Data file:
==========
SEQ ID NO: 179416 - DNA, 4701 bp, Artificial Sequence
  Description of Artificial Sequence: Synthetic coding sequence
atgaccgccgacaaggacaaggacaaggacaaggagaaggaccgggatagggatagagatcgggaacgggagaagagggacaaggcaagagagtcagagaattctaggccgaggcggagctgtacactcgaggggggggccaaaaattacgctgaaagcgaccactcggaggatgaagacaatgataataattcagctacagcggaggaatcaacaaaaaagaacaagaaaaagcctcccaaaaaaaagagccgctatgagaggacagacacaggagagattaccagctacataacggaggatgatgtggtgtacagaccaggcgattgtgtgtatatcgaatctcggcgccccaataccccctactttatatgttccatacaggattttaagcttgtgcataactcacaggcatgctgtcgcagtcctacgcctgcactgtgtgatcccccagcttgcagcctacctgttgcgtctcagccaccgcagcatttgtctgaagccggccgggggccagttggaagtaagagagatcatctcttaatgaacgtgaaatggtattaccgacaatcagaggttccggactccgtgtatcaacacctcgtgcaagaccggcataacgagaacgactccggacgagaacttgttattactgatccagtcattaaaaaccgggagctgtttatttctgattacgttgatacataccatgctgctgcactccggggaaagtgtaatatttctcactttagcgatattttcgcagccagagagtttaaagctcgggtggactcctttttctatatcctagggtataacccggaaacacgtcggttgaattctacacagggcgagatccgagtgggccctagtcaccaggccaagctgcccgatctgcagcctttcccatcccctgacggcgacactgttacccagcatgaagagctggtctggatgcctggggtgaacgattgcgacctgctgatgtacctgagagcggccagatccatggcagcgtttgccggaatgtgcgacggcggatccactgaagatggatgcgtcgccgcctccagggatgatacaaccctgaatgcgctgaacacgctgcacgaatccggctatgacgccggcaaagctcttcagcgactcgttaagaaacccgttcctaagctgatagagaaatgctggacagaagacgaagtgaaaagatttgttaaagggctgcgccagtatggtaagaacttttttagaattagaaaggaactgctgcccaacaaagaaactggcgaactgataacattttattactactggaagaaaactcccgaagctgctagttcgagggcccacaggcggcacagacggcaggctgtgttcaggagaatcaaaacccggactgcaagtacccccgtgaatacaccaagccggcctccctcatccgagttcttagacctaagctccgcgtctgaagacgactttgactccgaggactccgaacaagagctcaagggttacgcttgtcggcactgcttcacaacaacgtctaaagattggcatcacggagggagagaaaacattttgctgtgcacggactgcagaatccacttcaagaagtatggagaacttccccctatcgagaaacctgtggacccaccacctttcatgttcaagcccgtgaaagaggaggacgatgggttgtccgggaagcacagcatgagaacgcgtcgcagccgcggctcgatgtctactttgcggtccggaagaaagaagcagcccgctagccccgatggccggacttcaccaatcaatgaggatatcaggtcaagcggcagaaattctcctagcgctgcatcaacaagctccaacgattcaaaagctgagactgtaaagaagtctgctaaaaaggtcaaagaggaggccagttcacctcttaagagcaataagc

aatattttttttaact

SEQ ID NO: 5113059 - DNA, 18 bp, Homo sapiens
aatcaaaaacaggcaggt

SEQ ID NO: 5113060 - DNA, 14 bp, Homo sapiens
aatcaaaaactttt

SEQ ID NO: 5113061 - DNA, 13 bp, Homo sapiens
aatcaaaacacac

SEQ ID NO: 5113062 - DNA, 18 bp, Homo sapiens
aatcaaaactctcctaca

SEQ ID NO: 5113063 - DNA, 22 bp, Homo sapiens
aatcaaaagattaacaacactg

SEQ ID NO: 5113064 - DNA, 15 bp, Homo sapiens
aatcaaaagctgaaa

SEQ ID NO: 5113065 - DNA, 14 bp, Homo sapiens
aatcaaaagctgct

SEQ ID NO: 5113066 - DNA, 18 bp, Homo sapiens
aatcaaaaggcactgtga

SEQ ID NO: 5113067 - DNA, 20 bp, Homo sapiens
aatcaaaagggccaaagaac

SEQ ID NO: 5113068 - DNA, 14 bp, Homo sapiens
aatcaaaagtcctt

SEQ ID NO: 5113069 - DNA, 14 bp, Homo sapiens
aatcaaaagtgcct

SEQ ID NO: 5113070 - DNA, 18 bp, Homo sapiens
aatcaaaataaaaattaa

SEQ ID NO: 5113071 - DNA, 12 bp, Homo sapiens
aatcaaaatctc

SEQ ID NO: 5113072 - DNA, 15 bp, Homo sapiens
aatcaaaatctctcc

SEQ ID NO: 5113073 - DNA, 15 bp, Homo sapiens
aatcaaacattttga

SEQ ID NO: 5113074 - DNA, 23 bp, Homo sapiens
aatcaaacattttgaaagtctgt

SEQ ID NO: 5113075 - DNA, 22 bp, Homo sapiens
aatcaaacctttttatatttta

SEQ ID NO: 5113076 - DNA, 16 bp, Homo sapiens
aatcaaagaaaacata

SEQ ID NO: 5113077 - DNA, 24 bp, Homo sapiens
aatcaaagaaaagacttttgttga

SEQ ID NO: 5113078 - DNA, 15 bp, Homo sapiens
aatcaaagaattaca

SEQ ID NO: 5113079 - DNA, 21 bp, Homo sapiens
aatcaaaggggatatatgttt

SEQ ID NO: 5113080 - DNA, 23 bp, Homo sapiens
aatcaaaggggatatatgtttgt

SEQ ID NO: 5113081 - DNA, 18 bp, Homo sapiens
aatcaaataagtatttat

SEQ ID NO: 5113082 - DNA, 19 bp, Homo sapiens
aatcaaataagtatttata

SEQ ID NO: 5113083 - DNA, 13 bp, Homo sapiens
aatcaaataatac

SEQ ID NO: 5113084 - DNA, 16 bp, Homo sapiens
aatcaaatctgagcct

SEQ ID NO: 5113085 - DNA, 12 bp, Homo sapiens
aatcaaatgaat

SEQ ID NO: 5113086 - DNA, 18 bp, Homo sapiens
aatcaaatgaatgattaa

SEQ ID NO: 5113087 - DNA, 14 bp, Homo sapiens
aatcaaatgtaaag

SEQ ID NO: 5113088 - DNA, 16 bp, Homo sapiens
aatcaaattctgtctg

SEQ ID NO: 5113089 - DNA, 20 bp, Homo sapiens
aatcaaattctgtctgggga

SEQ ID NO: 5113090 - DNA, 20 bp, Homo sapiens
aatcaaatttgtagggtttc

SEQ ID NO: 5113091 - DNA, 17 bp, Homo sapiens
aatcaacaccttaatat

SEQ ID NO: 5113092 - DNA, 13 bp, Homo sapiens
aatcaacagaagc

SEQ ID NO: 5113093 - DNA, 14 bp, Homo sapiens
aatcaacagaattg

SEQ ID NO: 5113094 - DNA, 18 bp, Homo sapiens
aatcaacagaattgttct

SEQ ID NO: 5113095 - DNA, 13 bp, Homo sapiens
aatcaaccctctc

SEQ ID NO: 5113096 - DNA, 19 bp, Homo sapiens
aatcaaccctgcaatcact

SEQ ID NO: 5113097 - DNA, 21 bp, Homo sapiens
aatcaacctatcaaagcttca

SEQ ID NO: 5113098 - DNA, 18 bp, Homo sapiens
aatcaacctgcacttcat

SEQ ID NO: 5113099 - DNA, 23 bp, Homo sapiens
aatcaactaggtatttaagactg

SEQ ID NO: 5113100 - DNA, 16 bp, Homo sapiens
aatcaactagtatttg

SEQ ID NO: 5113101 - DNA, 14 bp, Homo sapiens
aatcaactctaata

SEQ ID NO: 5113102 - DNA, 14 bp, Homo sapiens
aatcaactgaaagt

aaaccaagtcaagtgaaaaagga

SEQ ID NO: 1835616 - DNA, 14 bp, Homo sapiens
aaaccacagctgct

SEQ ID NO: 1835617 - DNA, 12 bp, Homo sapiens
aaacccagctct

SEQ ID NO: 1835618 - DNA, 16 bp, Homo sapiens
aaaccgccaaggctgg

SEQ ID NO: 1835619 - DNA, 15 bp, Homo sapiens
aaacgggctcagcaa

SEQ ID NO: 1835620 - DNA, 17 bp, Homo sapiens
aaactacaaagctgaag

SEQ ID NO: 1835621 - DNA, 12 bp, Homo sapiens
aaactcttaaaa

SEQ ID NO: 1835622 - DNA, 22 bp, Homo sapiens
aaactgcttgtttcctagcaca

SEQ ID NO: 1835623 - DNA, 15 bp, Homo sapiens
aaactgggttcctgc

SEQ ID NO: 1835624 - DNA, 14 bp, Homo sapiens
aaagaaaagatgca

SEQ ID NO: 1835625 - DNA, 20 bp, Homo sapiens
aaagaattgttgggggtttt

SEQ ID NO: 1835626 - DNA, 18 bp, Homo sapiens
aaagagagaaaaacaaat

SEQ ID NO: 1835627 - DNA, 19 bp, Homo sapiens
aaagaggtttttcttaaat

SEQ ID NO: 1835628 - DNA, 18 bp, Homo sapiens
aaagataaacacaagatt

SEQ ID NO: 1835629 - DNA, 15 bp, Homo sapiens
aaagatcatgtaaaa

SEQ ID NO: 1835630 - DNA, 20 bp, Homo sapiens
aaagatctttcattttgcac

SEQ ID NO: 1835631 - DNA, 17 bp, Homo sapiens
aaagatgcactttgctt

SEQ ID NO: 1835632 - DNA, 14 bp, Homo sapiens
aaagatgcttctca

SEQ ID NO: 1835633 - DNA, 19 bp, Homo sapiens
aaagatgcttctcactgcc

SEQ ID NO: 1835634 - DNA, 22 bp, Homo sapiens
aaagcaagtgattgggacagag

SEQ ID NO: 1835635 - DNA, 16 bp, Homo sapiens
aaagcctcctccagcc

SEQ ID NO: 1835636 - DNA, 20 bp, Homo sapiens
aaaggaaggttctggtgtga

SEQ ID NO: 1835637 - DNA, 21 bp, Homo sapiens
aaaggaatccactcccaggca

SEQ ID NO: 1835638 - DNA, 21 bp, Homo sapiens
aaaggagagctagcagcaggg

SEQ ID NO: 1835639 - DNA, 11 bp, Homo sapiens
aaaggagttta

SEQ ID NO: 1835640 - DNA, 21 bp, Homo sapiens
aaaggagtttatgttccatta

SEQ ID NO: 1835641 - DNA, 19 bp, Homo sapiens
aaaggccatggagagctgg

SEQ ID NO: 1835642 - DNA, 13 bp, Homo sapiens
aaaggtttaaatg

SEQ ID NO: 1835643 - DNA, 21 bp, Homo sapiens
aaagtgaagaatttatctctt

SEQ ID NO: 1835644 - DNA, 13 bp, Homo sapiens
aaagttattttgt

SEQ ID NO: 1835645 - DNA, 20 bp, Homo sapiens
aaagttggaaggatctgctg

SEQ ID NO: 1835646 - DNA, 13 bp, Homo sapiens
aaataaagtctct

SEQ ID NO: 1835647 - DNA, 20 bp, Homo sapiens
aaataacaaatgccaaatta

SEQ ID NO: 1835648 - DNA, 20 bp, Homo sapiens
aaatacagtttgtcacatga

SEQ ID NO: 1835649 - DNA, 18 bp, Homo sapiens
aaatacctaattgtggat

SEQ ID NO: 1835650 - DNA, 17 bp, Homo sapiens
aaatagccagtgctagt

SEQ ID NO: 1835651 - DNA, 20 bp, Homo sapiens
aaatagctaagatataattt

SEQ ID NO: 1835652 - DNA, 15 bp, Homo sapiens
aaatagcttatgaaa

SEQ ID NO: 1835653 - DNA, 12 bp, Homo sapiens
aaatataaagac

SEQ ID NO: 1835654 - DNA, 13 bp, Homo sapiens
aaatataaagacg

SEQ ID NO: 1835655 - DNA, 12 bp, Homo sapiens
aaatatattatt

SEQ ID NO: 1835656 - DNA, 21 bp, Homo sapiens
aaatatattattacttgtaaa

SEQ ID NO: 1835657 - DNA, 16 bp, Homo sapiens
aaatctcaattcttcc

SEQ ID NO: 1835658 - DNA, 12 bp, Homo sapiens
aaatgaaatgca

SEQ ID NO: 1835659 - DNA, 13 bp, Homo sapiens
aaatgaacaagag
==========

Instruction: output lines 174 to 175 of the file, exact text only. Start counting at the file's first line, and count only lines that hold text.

SEQ ID NO: 1835656 - DNA, 21 bp, Homo sapiens
aaatatattattacttgtaaa